Regulations

Victory For A New Team

Posted on July 9, 2016 by Tom Halligan - Also by this author

CFLA President Wendy Kleefisch (3rd from R) and members gathered in June at GNS Transportation Group’s new Orlando location for the second meeting of the new association.
CFLA President Wendy Kleefisch (3rd from R) and members gathered in June at GNS Transportation Group’s new Orlando location for the second meeting of the new association.
ORLANDO, fla. — In less than four months since it formed, the new Central Florida Limousine Association (CFLA) scored a victory to make illegal TNCs comply with regulations at Port Canaveral, one of the busiest cruise ship ports in the country handling almost four million passengers annually.

CFLA President Wendy Kleefisch (Brevard Executive Transportation) addressed the problem of illegal TNCs running trips to and from the port without permits, denying the port revenue from entrance and exit tolls. “I met with the new port CEO John Murray and actually pulled up the Uber app and showed him about 80 vehicles running around, and he was not aware this was going on,” Kleefisch said.

During a follow-up meeting, Kleefisch spent time with the port’s security team showing them how to identify illegal TNCs, such as the Lyft pink mustache, which has resulted in security staff turning away those TNCs and other vehicles running without a permit decal. Kleefisch said Murray made it clear that any vehicle transporting people should be turned away to go pay the tolls or they will be fined. Port Canaveral mandates transportation operators who regularly service the port must obtain an annual permit and carry a $1 million liability policy.

“There is a special commercial entrance and exit at the port where we have to pay a toll every time we enter and leave, and once the CEO realized how much revenue they are losing because of TNCs operating illegally, the port then monitored the situation to catch illegal drivers,” Kleefisch said.

Considering Port Canaveral recently completed a $48 million upgrade to handle additional, and larger, cruise ships, more passengers mean more business for regional operators, as well as more revenue for the port now that TNCs will be forced to follow the rules.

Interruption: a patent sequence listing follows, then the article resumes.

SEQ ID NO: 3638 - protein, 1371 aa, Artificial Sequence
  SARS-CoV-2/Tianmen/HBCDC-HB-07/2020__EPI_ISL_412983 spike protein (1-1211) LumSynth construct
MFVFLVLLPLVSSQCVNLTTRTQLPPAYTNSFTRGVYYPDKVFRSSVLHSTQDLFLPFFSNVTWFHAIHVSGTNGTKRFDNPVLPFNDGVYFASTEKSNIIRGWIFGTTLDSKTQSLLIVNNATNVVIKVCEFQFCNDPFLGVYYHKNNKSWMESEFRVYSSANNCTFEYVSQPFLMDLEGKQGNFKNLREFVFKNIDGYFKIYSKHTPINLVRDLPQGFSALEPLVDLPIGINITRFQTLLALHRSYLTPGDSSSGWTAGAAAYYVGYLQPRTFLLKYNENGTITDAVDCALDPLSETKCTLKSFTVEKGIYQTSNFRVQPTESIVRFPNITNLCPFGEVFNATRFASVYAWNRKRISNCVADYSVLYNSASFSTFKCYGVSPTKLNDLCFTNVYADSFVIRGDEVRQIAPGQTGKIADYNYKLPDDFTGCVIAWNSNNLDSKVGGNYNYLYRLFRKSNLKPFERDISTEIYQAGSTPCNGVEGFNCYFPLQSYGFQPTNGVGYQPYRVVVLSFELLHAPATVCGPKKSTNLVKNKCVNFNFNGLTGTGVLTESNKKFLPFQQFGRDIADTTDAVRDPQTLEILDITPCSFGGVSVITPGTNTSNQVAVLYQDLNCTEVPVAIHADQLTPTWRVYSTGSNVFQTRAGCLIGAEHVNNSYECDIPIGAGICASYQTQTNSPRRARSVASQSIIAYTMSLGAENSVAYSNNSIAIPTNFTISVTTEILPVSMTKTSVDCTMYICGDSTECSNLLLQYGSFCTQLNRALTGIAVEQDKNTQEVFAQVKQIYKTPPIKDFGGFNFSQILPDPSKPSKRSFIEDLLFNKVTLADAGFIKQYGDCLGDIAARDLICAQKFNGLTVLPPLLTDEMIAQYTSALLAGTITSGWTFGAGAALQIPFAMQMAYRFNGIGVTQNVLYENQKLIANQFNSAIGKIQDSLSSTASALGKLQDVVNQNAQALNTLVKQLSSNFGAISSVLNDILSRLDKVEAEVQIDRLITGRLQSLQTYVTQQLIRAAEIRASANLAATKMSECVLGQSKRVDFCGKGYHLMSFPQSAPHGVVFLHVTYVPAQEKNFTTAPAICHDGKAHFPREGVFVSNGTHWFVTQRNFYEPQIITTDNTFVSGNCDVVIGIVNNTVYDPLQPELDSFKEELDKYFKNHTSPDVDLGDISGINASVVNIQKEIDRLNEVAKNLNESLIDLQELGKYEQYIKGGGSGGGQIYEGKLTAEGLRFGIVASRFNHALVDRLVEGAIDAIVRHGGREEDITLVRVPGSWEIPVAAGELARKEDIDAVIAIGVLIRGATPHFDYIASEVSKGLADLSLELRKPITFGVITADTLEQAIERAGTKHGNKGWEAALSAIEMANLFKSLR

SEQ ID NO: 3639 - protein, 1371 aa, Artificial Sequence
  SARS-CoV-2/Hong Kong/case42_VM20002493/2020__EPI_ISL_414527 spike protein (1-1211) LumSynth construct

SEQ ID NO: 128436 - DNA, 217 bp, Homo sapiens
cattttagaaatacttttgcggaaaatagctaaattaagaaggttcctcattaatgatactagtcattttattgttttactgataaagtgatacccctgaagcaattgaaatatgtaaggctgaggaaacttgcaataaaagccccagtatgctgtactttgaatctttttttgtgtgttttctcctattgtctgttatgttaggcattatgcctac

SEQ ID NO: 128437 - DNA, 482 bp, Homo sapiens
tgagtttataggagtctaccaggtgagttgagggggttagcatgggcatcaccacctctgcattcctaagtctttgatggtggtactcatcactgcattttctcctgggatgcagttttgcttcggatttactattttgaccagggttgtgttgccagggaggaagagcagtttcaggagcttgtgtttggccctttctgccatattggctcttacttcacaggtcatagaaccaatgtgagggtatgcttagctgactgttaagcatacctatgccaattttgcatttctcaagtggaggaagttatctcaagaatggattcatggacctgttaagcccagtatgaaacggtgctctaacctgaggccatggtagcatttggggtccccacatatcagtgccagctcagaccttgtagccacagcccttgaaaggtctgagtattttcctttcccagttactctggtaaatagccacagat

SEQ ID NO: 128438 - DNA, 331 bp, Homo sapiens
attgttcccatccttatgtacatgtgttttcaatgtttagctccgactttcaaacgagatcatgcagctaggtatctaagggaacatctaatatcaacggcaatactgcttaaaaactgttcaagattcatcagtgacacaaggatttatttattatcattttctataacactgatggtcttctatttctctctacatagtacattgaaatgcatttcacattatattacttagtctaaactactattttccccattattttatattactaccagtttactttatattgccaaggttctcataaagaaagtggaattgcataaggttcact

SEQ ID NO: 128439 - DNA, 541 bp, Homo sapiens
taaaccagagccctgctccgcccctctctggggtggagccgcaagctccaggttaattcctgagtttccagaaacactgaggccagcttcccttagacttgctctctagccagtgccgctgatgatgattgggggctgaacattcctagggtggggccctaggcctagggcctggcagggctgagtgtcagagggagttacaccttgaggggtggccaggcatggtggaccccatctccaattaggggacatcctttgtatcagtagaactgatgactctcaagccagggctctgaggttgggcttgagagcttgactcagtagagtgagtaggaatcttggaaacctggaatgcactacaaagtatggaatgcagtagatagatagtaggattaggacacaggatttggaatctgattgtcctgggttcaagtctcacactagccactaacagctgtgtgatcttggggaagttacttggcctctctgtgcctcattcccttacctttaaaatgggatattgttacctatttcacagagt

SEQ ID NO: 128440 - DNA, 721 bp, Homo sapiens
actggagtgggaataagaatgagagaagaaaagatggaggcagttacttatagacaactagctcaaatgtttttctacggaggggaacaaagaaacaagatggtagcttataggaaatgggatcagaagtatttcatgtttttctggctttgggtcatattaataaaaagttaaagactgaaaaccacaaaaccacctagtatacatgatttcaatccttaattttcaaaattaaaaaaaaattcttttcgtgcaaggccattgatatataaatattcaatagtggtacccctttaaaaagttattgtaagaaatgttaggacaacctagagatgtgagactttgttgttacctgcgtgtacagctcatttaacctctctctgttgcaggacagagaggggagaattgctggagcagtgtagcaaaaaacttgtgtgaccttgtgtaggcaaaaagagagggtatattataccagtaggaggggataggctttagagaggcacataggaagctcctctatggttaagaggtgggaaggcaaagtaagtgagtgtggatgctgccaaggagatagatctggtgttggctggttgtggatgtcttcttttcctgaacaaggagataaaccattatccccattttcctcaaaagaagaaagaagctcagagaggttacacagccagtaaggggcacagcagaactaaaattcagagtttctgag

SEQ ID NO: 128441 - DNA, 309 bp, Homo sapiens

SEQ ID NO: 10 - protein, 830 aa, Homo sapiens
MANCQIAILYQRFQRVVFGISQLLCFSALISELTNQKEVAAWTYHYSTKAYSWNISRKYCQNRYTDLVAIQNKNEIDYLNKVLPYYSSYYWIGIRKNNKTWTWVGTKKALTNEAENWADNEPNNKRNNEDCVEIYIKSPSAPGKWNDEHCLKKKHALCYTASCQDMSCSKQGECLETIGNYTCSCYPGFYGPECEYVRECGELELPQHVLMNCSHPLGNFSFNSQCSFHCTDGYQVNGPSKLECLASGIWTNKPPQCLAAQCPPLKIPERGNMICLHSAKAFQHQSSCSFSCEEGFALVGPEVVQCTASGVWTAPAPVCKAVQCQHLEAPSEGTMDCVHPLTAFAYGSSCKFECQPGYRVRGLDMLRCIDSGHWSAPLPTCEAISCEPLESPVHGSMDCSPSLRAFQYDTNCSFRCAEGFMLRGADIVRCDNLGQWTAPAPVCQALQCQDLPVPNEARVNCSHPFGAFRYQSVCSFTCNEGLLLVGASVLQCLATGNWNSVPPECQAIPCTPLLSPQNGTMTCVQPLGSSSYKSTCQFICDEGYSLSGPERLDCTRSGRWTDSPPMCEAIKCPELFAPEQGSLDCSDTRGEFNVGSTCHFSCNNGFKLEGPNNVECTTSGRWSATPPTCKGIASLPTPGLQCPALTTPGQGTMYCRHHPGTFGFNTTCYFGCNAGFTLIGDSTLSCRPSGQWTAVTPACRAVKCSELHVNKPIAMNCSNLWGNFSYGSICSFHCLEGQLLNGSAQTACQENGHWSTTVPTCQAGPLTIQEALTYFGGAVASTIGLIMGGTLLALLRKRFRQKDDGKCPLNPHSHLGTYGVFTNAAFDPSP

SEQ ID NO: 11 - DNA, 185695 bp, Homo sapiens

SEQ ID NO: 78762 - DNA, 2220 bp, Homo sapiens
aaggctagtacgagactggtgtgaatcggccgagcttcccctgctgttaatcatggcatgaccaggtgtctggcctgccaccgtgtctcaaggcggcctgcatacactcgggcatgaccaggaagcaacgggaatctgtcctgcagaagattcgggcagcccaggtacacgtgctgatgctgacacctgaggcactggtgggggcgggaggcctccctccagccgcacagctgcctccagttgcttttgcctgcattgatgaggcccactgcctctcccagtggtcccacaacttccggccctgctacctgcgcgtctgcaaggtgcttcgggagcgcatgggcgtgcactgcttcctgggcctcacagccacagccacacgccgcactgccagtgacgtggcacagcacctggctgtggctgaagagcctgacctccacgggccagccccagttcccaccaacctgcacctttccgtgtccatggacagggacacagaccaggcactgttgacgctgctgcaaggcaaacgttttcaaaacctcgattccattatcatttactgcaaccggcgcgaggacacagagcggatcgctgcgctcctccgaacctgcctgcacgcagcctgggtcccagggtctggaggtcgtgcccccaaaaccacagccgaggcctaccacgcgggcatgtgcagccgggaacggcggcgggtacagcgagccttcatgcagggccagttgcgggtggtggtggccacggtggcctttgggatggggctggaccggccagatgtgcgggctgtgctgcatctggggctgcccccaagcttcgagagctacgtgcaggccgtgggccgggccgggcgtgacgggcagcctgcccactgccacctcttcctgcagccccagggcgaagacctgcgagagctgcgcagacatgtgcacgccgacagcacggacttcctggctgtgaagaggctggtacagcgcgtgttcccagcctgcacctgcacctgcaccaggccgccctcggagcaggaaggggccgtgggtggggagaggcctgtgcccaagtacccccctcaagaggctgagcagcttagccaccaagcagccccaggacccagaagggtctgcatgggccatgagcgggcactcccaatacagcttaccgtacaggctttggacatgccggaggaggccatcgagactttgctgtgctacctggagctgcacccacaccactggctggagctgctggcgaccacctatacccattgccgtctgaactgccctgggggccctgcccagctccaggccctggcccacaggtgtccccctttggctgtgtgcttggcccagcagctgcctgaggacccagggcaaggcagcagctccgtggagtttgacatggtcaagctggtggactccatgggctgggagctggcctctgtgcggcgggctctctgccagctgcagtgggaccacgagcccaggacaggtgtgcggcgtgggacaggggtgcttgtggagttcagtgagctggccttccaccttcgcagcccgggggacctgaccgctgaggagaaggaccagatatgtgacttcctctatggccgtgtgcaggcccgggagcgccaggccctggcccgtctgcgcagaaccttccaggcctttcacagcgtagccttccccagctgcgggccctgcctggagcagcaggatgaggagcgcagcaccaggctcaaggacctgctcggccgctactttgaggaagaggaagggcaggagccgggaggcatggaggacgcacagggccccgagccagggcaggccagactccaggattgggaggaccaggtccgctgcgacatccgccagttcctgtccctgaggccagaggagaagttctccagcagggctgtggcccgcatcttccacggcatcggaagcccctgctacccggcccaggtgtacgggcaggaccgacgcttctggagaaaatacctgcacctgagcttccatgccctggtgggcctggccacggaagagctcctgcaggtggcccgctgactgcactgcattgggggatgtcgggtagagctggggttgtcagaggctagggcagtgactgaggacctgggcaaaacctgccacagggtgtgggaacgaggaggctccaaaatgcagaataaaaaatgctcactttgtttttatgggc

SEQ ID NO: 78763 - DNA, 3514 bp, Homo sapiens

“As a new association, it feels good to get a win for our industry, especially when it’s about protecting the public’s safety,” Kleefisch said. On another note, CFLA operators are already giving back to the community, having provided funeral transportation for families of victims in the Orlando Pulse nightclub terrorist attack.

Big East
We have something special planned for East Coast industry associations at this year’s annual LCT-NLA Show East, to be held once again at the all-under-one-roof Harrah’s Resort and Waterfront Conference Center in Atlantic City, Nov. 13-15. On Sunday, there will be a special Eastern Regional Forum from 1:30 p.m. to 3 p.m. that will bring together association members up and down the East Coast to discuss issues of mutual concern, such as TNCs, regional regulatory issues, and how to better work together on regional media, PR and marketing initiatives.

In addition, the National Limousine Association will be holding its quarterly board of directors meeting at the show, and the annual State Association President’s meeting also happens Nov. 13. This unique gathering of industry movers and shakers will allow ample networking time, discussions, and strategy sessions to help operators work together on the most pressing issues. Information and schedules: www.lcteast.com.

Tom Halligan is LCT East Coast editor, based in Marlton, N.J. He travels regularly to industry association meetings in the eastern U.S. Tom can be reached at [email protected]

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